The Tutor wrote a beautifully eloquent post about the nature of giving, and in particular, the giving heart of the person who funded the Kitchen.
I happen to know the person who funded IT Kitchen, and a little about his motives. I will not betray his confidences, but would like to present this a model of grassroots giving. The donor does not have big bucks. He is a reader of Wealth Bondage and Gift Hub where we discuss giving as an antidote for too much getting and spending, too much consumerism, branding, and propagandistic manipulation. He gives blogs anonymously and gives anonymously, dropping a few bucks here and there into paypal buckets for blogger friends in need. When publicly thanked, as he has been at least once, he cringes. He feels that he has given so little, why should he be publicly thanked? I think he may have thought of Shelley when I blogged my gratitude for all the help she gave me in moving my site from Radio to MT. I suspect he wanted not only for Shelley to share her expertise, but to keep alive the spirit of giving, of solidarity and common purpose that had been so characteristic of the early days of blogging, when we all found one another as neighbors in cyberspace, and hung out in each other’s world’s as we might in one another’s living room or kitchen.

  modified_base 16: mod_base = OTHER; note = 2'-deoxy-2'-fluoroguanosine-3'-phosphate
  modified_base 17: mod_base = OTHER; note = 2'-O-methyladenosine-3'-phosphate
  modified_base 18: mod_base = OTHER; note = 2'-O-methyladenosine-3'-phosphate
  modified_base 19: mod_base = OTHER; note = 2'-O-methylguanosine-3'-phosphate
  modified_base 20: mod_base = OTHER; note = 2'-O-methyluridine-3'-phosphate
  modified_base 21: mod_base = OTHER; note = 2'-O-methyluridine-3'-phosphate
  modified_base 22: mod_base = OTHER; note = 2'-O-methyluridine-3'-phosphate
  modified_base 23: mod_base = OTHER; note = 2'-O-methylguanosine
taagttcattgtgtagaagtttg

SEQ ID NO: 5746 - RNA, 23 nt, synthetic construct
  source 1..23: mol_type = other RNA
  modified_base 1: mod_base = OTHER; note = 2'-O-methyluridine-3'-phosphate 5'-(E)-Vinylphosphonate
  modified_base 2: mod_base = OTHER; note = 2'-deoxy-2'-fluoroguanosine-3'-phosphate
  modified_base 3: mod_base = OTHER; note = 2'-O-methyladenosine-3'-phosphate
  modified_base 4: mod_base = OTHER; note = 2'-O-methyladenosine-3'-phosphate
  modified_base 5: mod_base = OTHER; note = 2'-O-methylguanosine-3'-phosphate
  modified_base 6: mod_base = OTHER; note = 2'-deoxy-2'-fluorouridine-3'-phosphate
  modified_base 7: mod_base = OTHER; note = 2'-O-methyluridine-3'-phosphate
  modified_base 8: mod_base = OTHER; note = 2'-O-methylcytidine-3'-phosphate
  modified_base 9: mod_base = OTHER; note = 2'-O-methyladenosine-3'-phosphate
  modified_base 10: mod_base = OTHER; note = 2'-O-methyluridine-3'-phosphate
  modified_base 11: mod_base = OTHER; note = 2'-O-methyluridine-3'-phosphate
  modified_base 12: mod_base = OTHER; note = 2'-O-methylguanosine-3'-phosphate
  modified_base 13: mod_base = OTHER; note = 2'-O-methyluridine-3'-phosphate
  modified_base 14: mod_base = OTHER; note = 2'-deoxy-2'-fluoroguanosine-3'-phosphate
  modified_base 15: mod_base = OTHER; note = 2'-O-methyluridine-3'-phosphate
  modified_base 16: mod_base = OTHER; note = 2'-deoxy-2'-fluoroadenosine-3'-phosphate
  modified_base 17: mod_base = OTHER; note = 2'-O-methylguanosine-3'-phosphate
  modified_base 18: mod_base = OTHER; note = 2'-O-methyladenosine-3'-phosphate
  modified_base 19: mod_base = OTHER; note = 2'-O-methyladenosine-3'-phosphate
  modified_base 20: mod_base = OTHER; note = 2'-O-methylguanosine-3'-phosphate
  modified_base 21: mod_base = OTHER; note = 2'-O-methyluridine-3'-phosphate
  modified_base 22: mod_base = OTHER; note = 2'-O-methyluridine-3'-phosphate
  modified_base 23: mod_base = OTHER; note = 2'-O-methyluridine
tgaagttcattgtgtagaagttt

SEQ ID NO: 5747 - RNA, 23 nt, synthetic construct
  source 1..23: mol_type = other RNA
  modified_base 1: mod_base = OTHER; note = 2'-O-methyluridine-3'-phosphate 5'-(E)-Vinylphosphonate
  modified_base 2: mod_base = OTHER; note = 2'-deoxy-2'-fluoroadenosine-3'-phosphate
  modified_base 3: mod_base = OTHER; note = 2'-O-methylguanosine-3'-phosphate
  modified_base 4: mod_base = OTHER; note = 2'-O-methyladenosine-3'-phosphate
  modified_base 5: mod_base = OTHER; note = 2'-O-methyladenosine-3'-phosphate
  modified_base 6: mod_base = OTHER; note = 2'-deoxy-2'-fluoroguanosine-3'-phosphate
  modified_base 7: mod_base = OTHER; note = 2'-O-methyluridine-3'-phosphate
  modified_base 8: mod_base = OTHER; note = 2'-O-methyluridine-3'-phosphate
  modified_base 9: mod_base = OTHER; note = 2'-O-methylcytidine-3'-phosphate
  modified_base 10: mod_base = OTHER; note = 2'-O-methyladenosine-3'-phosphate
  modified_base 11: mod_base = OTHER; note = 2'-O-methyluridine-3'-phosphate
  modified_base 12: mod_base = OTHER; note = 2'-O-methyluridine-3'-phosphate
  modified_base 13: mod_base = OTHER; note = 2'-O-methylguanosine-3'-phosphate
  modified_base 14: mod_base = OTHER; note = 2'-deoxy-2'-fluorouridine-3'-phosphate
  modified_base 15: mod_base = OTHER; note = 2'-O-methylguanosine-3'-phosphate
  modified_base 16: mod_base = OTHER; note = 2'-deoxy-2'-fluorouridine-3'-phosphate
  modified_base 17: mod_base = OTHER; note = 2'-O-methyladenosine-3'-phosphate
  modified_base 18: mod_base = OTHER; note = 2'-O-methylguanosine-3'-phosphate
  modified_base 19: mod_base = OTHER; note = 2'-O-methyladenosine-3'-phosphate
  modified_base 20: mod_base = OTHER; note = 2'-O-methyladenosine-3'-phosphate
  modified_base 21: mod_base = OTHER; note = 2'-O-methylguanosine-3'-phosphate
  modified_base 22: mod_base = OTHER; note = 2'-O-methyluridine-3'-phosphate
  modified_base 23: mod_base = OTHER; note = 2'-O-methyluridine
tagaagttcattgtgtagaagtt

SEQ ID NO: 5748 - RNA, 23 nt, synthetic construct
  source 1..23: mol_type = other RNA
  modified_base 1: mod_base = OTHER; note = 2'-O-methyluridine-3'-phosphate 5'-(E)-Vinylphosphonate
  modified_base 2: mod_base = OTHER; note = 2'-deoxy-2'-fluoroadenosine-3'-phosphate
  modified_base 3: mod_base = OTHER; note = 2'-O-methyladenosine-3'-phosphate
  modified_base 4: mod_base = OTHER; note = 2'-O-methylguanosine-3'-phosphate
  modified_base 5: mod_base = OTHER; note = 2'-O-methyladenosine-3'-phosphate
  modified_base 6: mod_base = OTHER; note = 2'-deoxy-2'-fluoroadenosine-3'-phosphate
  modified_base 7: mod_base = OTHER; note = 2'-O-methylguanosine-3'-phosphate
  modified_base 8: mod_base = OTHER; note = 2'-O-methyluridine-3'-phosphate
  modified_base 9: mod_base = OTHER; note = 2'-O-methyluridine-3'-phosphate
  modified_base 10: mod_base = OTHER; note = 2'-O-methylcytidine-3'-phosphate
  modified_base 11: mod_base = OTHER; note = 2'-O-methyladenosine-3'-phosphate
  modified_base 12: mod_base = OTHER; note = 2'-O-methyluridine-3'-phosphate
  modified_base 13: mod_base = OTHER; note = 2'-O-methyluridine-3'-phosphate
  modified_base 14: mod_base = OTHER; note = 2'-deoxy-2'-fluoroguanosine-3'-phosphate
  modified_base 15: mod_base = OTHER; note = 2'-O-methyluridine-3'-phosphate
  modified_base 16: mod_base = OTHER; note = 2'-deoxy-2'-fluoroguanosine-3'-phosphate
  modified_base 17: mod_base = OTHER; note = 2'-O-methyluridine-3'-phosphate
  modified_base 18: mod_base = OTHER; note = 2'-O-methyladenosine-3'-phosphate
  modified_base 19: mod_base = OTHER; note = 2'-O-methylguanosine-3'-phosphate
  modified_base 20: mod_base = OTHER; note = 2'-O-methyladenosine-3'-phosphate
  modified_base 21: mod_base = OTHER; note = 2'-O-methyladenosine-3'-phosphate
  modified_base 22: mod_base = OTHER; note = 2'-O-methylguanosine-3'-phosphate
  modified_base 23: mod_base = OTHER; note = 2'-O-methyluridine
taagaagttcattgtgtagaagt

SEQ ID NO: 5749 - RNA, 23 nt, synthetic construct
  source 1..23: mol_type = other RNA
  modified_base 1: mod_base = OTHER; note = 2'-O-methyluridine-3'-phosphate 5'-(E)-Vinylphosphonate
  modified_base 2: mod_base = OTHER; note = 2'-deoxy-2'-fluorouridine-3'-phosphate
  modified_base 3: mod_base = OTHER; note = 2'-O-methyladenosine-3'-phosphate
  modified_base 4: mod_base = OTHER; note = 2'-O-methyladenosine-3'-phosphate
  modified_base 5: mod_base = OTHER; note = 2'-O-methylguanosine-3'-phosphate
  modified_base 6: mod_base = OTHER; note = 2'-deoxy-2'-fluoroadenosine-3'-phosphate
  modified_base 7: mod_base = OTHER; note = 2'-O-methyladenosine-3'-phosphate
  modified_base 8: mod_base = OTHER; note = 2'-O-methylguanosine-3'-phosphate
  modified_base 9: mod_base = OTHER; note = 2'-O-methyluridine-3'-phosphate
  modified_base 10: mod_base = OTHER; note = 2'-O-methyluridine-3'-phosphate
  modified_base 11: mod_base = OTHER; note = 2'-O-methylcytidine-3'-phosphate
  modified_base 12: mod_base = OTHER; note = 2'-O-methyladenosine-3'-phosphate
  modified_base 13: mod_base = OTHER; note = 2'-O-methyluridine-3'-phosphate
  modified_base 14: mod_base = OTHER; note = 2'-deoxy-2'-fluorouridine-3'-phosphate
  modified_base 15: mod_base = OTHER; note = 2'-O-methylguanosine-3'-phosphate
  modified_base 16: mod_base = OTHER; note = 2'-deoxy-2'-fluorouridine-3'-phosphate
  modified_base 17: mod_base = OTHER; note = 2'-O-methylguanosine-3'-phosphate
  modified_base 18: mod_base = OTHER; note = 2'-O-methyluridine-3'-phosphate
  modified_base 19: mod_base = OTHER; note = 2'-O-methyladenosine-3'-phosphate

I agree with Tutor about the person who donated money for the Kitchen. I hope in the end that he’s happy about the effort, though I feel I’ve let him down. Not because of the results–as someone reminded me gently yesterday, the Kitchen was a success. People did come together and contribute interesting bits, and we did have a chance to experiment around with the concepts.
No, I felt I let him down because I was disappointed that the Kitchen didn’t achieve global acclaim, especially from those who partake of the royal nod of favor and approval. In the end, I betrayed the concepts underlying this event.
So I have to disclaim the kind words that Tutor said about me in the rest of the missive, because I haven’t been as generous or gracious as either the donor, or others who spent time doing Kitchen Duty.